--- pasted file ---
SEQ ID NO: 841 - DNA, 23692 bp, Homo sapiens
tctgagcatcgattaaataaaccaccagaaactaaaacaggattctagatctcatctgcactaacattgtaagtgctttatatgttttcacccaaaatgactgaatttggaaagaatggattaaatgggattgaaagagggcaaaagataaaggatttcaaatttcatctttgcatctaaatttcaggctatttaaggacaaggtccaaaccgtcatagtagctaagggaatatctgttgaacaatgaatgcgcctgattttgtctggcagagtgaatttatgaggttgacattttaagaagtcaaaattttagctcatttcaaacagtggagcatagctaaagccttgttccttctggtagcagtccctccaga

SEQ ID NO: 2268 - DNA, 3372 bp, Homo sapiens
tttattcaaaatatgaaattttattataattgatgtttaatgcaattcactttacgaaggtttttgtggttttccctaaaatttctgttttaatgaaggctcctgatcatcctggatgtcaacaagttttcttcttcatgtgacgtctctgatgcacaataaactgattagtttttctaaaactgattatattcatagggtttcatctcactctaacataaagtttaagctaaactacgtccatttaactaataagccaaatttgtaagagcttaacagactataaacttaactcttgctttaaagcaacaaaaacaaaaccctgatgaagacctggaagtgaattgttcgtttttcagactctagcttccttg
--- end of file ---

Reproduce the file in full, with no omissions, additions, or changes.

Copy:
SEQ ID NO: 841 - DNA, 23692 bp, Homo sapiens
tctgagcatcgattaaataaaccaccagaaactaaaacaggattctagatctcatctgcactaacattgtaagtgctttatatgttttcacccaaaatgactgaatttggaaagaatggattaaatgggattgaaagagggcaaaagataaaggatttcaaatttcatctttgcatctaaatttcaggctatttaaggacaaggtccaaaccgtcatagtagctaagggaatatctgttgaacaatgaatgcgcctgattttgtctggcagagtgaatttatgaggttgacattttaagaagtcaaaattttagctcatttcaaacagtggagcatagctaaagccttgttccttctggtagcagtccctccaga

SEQ ID NO: 2268 - DNA, 3372 bp, Homo sapiens
tttattcaaaatatgaaattttattataattgatgtttaatgcaattcactttacgaaggtttttgtggttttccctaaaatttctgttttaatgaaggctcctgatcatcctggatgtcaacaagttttcttcttcatgtgacgtctctgatgcacaataaactgattagtttttctaaaactgattatattcatagggtttcatctcactctaacataaagtttaagctaaactacgtccatttaactaataagccaaatttgtaagagcttaacagactataaacttaactcttgctttaaagcaacaaaaacaaaaccctgatgaagacctggaagtgaattgttcgtttttcagactctagcttccttg